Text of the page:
Chapter 16
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As Real as They Are Magical

Bradley Sides’ debut collection delivers sincerely strange stories

In “What They Left Behind,” the final story in Bradley Sides’ debut collection, Those Fantastic Lives, a father discovers wings growing from his son Ash’s back. Soon, the TV reports “more winged children,” and those in power remove the kids from their families. When Ash’s parents visit, he desperately flaps his wings (having lost the ability to speak), “creating a storm of feathers that encircled them.” His parents pick up every feather because in the words of Ash’s father, “If we can’t take you, we take what you give us.” Throughout the collection, Sides treats his characters and their worlds with this depth of sincerity, making them feel as real as they are magical.

The book’s subtitle promises strange stories, and Sides delivers, while meditating on loss, home, and faith. Apathetic ghosts haunt a small town, known for its handmade scarecrows (“Back in Crowville”). An old woman weeps for an entire village, who cleanse themselves by drinking her tears (“Restored”). A married couple adopts a miniature refugee, small enough to sleep on an ice cube (“From Hiemslandia”). Spirits, aliens, and mythical creatures abound, as human characters struggle to understand the unknown and, often, each other.

In multiple stories, young believers try to convince fearful authority figures to embrace the supernatural. “The Hunt” charts Zoey’s childhood obsession with finding a sasquatch. She cajoles her parents into searching the woods as often as possible. After they finally stumble upon a (friendly) sasquatch family, Zoey’s parents try to convince her to move on, but she knows what it feels like to love something so much that it hurts: “I could find them every day, and that still wouldn’t be enough. Don’t you see that? I wake up thinking about sasquatches, and I go to sleep hoping to dream about them.”

Sides dedicates his first book to “all the dreamers, young and old — those now and those becoming….” Whether or not you consider yourself a dreamer — or a fan of magical realism — you will likely find something to believe in reading Sides’ strange, beautiful stories. Many feel like fables, without relying on simple resolution or overarching metaphors. The author balances brisk plots with lively dialogue and flashes of poetic language.

In “Losing Light,” about a boy devoted to swallowing fireflies, the narrator reflects, “It was bad enough that I had a brother who housed thousands of bugs. It was even worse that he glowed.” But once his brother’s gone, the narrator longs for him and the beauty of the fireflies: “I fall into the grass and look up at the bright dots burning above me. … I open my mouth, and I wait.”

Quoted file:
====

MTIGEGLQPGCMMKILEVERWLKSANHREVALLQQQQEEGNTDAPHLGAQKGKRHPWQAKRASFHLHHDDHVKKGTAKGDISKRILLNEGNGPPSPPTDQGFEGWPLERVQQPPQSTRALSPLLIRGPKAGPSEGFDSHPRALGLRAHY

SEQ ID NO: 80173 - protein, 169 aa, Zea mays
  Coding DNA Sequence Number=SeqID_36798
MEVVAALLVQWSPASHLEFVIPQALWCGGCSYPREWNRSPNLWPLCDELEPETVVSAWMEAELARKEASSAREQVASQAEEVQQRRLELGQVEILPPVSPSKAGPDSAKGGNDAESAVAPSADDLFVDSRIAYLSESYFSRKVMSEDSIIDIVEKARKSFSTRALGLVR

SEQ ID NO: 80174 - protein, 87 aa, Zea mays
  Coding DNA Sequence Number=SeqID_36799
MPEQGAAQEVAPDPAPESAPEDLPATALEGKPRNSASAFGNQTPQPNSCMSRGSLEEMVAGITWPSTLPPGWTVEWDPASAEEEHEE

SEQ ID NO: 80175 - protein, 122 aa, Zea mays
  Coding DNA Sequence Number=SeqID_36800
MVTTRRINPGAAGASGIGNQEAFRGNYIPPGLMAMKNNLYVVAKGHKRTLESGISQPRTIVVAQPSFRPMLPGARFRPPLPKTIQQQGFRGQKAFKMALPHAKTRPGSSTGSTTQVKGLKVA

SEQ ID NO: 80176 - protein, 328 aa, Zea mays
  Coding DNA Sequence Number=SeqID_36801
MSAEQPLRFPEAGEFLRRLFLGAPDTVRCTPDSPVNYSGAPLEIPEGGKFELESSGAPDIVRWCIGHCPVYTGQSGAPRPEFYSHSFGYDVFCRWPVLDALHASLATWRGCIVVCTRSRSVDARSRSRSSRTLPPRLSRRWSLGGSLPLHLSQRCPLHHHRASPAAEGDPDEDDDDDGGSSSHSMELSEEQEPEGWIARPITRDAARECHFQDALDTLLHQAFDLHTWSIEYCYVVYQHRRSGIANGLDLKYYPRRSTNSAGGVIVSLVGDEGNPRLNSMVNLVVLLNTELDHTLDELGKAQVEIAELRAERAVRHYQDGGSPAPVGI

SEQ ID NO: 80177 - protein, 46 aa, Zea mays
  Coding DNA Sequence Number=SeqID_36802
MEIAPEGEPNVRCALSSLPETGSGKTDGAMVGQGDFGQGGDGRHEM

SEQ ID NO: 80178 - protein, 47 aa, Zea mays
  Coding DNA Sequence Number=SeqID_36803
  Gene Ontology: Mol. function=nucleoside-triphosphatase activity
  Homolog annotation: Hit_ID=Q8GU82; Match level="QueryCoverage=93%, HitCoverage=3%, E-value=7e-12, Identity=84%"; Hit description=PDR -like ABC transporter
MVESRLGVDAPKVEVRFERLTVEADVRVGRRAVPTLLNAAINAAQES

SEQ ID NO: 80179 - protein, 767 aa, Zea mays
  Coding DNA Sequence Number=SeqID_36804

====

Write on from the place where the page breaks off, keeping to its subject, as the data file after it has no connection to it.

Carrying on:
Light and dark images reverberate across the stories. “The comet’s glow pulsed in the sky,” Sides writes in “The Comet Seekers,” as two brothers chase a comet with deeper significance, recalling “Losing Light.” As much as I enjoy thematic and visual threads tying a collection together, the book occasionally feels repetitive — like when a person transforms into a bird in a second story — but Sides’ colorful characterization and worldbuilding keep the stories from blurring together.

While many of the stories drop readers directly into the action, Sides also has a gift for slowly building tension. In two of the collection’s most stylistically distinct stories, he waits as long as possible to reveal exactly how the real communicates with the magical. Throughout “A Complicated Correspondence,” two buddies banter over email, casually mentioning hunting for sustenance, but readers don’t understand why until the story reaches its fever pitch. “Commencement,” narrated from the perspective of a graduating class, captures the ceremony’s mix of excitement and anxiety. At the same time, it’s clear this is not a normal school, and graduation ends with something darker than a diploma. “It’s unusually quiet as we gather in the cafeteria. We tell ourselves it’s because our families are with us and we don’t want to embarrass them, but deep down, we know the real reason.”

The story made me feel true dread for its characters, a rare reading experience. I couldn’t wait to learn the twist. I didn’t want the story to end.

David Bersell is the author of two chapbooks of essays, Nashville Notebook and The Way I’ve Seen Her Ever Since. His writing has appeared in many print and online publications, including The Rumpus, The Carolina Quarterly, and Hobart.